Who doesn't want a trim, flat stomach? Millions strive for tighter tummies, usually starting by improving their diet and exercise routines. However, these changes often aren't enough to achieve desired results. While body fat can be reduced through a healthy diet and workout plan, the loose muscles and skin that frequently result from extreme weight loss, pregnancy, and even aging and heredity aren't as easily eliminated.

For this reason, abdominoplasty is the surgical procedure of choice for an increasing number of Americans. According to the American Society for Aesthetic Plastic Surgery (ASAPS), more than 185,000 Americans opted for abdominoplasty in 2007, making it one of the nation's most popular elective surgeries.

Also known as a tummy tuck, this procedure tightens the muscles in the abdominal wall and removes excess skin and fat, resulting in a flatter, smoother midsection. Ideal candidates are women whose stomach muscles and skin have been stretched by multiple pregnancies, individuals whose skin is sagging from having lost a large amount of weight, and those who are simply genetically predisposed to having a bulkier midsection and are unable to lose the weight through diet and exercise.

Understanding the Procedure

The complexity and amount of time necessary to complete abdominoplasty can vary considerably. The procedure can last anywhere from one to five hours and is done as an inpatient or outpatient procedure, depending on the patient's needs. Abdominoplasty is most often performed under general anesthesia but may also be done under local anesthesia with mild sedation, which typically causes more discomfort.

The procedure begins with the surgeon making a long incision right above the pubic mound and across the abdomen from hip bone to hip bone. A second incision is then made to separate navel from abdominal tissue. Although the skin around the navel is moved, the navel itself actually remains in place. The skin is then separated from the abdominal wall, all the way up to the ribcage, so that the vertical abdominal (rectus) muscles are exposed. These muscles are then tightened and repositioned through stitching, shrinking your waistline.

Once this portion of the surgery is complete, the surgeon will then remove excess fat, either by hand, via liposuction, or through both.  Finally, the excess and loose skin is stretched and removed. The remaining skin is then redraped over your abdominal area and stitched back into place and the belly button is repositioned through the newly draped skin.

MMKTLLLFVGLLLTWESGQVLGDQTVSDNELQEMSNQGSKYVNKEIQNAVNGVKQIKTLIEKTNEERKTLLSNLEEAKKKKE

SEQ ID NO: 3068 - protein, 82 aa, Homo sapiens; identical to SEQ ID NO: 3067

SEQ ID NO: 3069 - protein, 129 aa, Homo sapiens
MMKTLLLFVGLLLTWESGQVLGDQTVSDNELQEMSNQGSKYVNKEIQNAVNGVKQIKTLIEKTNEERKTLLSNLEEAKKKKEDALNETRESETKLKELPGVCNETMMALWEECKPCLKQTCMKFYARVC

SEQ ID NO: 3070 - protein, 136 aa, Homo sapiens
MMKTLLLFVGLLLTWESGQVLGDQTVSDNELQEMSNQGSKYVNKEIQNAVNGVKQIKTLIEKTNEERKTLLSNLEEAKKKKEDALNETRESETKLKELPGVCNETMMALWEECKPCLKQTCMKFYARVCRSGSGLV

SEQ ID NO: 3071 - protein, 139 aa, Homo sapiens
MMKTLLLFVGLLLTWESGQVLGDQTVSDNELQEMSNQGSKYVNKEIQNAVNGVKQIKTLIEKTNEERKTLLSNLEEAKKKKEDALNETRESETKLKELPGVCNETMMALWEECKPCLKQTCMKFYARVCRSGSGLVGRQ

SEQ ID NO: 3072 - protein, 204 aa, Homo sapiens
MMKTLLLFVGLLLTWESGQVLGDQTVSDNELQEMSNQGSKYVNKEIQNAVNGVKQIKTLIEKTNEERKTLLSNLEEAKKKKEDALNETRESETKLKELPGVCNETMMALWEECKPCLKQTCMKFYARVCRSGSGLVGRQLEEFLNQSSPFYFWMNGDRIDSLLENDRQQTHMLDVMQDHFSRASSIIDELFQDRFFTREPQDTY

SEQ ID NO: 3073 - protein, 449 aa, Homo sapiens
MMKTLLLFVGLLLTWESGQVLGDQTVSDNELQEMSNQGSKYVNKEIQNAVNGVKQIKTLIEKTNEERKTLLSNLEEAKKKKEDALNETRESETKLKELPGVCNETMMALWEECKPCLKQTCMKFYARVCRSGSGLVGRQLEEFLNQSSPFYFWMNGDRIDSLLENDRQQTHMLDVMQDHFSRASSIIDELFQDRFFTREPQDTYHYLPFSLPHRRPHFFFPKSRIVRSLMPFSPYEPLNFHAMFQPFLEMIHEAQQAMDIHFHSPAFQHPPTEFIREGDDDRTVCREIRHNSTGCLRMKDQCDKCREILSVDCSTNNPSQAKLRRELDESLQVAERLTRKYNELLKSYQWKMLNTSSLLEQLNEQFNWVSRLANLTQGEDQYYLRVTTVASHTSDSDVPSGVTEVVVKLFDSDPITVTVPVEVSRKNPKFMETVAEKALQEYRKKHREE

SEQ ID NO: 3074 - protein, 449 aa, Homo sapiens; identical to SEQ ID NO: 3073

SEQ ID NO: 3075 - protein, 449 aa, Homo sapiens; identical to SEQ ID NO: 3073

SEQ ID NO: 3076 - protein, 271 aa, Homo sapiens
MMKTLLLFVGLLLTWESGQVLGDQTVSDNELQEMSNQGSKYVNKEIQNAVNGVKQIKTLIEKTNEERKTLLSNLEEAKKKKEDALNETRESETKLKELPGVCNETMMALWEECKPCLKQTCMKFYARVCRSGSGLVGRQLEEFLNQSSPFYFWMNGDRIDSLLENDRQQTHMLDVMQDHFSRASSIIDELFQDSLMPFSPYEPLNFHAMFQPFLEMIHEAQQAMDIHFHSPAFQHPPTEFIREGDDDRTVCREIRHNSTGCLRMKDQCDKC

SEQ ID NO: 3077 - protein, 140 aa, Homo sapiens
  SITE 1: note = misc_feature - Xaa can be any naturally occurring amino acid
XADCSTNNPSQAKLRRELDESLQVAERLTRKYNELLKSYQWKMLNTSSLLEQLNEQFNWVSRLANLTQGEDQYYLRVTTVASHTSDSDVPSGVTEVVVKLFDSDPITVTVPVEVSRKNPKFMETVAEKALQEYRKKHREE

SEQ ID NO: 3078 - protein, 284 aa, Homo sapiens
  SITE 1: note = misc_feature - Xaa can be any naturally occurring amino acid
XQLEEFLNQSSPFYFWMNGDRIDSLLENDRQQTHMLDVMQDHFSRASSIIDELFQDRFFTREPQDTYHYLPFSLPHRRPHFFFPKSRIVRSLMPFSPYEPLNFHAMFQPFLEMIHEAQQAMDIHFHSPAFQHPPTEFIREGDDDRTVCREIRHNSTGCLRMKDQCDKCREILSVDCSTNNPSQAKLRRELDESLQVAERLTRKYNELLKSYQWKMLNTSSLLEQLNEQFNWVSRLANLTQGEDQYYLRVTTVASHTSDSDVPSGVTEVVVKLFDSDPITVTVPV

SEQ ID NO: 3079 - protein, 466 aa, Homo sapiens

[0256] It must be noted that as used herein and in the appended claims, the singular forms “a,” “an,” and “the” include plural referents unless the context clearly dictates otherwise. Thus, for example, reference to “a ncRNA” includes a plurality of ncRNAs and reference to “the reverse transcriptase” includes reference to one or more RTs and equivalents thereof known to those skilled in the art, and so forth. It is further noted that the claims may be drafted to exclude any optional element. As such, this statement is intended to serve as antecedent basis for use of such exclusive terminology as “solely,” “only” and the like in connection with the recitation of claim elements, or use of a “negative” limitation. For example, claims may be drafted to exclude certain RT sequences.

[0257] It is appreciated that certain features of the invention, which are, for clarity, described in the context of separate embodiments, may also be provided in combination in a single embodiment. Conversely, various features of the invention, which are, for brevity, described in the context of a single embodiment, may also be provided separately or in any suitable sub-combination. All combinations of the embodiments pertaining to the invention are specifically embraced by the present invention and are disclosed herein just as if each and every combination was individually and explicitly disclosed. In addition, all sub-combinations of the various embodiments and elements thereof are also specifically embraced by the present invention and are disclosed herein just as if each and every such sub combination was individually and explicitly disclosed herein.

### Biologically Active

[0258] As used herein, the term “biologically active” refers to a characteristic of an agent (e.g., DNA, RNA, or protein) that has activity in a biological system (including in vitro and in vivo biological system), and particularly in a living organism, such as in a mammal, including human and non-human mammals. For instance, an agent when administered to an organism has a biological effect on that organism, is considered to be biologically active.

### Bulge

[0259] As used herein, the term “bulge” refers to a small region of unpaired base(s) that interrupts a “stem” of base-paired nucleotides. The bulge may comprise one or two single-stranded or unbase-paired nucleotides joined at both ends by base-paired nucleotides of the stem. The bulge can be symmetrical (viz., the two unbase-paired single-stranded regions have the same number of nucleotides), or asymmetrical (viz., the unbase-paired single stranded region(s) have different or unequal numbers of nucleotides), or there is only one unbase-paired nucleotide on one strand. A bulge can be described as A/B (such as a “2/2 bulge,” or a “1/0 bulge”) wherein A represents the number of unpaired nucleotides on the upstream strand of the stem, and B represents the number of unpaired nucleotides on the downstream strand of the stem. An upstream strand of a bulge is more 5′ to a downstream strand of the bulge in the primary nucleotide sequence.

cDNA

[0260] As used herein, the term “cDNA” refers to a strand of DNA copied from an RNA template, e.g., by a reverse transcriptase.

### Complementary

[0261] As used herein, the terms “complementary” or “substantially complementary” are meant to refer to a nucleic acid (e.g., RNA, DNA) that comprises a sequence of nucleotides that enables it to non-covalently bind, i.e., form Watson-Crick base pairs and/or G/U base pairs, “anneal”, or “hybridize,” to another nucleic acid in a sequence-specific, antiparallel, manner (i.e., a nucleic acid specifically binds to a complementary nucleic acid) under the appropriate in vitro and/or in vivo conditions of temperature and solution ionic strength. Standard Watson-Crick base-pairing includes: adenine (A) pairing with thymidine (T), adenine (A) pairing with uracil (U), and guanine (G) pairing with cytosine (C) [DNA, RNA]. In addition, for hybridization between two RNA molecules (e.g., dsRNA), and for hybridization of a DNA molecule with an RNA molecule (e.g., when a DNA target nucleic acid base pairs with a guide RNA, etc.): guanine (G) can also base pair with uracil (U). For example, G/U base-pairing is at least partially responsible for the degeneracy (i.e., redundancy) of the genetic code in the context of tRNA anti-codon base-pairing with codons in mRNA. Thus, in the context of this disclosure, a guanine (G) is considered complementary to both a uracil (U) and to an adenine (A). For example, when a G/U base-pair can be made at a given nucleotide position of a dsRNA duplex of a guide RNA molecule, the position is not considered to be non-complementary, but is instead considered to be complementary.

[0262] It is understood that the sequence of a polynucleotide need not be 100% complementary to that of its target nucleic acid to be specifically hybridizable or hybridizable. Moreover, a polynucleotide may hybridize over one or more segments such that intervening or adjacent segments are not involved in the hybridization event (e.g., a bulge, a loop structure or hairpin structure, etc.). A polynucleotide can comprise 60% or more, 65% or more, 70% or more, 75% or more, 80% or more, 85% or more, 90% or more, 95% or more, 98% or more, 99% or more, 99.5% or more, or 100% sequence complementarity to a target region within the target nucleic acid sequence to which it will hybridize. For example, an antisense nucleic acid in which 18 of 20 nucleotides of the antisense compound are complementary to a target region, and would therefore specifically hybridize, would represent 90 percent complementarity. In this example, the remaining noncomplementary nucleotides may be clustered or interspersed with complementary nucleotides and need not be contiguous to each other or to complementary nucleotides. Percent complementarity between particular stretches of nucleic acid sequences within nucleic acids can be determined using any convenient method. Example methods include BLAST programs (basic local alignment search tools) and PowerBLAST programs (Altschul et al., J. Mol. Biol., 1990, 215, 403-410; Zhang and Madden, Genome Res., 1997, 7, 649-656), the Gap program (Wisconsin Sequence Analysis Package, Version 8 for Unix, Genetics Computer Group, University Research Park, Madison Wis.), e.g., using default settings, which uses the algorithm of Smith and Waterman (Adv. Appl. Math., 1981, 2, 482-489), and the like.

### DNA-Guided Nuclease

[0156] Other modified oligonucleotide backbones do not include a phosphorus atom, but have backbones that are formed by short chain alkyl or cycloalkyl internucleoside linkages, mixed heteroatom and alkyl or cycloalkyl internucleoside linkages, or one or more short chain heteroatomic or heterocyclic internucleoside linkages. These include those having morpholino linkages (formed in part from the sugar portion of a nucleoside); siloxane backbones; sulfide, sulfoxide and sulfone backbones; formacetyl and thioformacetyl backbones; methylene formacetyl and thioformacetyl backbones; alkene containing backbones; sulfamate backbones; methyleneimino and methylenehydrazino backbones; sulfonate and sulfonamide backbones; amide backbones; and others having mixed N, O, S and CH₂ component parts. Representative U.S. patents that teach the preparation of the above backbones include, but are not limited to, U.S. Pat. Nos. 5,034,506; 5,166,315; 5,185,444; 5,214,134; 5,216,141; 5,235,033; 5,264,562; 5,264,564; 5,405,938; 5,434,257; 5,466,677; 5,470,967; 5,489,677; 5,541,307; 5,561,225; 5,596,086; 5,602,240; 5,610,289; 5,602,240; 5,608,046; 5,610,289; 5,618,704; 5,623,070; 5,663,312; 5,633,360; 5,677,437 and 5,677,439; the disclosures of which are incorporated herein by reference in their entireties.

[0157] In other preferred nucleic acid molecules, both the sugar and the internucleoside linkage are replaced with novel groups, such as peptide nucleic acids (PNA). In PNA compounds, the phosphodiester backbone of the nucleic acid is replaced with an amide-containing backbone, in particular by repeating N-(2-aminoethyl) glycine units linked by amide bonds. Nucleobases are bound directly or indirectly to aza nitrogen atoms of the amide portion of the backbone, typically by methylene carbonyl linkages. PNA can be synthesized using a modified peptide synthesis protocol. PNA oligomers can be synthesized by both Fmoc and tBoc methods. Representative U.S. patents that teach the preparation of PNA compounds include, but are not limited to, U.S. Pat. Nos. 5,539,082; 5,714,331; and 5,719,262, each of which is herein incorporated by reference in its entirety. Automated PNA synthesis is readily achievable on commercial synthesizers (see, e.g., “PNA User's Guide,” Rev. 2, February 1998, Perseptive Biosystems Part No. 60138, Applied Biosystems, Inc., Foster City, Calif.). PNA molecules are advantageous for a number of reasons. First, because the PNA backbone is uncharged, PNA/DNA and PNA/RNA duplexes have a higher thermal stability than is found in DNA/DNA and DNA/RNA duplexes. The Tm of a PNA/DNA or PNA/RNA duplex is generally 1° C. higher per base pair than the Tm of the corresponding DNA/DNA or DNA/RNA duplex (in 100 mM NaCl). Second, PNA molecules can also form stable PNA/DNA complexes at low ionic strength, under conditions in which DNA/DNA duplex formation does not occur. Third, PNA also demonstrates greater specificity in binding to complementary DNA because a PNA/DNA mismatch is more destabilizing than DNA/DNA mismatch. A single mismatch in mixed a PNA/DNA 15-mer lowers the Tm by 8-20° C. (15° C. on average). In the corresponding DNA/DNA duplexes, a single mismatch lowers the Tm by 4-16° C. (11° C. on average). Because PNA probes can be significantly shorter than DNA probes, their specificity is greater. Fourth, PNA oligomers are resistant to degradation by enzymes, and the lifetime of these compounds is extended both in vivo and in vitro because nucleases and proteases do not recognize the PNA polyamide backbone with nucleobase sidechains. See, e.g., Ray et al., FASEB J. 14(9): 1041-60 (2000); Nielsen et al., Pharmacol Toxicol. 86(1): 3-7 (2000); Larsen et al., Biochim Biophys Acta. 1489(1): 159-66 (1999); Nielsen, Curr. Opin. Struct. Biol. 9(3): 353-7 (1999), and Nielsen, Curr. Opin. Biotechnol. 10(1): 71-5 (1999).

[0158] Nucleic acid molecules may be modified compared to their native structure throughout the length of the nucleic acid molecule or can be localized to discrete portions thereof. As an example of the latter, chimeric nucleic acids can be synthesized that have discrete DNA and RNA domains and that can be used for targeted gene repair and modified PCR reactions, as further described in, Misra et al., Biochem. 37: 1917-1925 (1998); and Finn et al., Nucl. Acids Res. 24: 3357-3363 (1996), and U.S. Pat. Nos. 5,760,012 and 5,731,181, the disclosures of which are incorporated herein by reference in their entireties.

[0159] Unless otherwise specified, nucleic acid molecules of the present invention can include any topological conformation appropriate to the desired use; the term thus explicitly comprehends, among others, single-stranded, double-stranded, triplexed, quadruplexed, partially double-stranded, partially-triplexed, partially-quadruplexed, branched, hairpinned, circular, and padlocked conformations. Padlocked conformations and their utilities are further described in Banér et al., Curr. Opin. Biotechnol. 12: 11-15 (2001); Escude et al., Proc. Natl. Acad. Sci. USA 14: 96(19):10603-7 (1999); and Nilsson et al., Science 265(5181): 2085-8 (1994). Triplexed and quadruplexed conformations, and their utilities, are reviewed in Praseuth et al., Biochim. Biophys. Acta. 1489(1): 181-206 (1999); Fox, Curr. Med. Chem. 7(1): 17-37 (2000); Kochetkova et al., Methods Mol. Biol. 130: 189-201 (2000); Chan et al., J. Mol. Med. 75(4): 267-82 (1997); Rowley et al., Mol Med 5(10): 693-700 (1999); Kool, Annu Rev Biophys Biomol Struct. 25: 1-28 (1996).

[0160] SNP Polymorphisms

Recovery After Abdominoplasty

Because abdominoplasty is considered a major surgical procedure, the recovery time is substantial. The abdominal area will likely be swollen and sore for the first several days following the operation, and bed rest for this time is often necessary. Medication can be prescribed to help control pain and discomfort. 

Some people are able to return to work and a regular routine after a week or two; others require up to four weeks for recovery. Most patients need several weeks to feel back to normal and to see the full results of the surgery. Recovery time is likely to be shorter for those who are in good physical condition.

Compression garments are often provided to wear around the abdomen for several weeks following the surgery, and sometimes special elasticized stockings are required to decrease the risk of blood clots forming in your legs while you are healing.

Many physicians agree that starting a light exercise routine, such as walking, about a week after the operation can improve the recovery. However, it's critical to avoid any type of strenuous activity for at least six weeks. During recovery, pay attention to your body's limitations to avoid reopening the wounds, which could set back healing and possibly cause dangerous infections.

Tummy Tuck Costs

The cost abdominoplasty is high—ranging from $3,000 to $8,500, depending on the complexity of the surgery and the desired results. It is considered an elective procedure, and most insurance companies will not cover the cost unless it has been deemed necessary for medical reasons or is being done for reconstructive purposes after an accident. However, companies, such as Capital One, offer financing options to help offset the costs.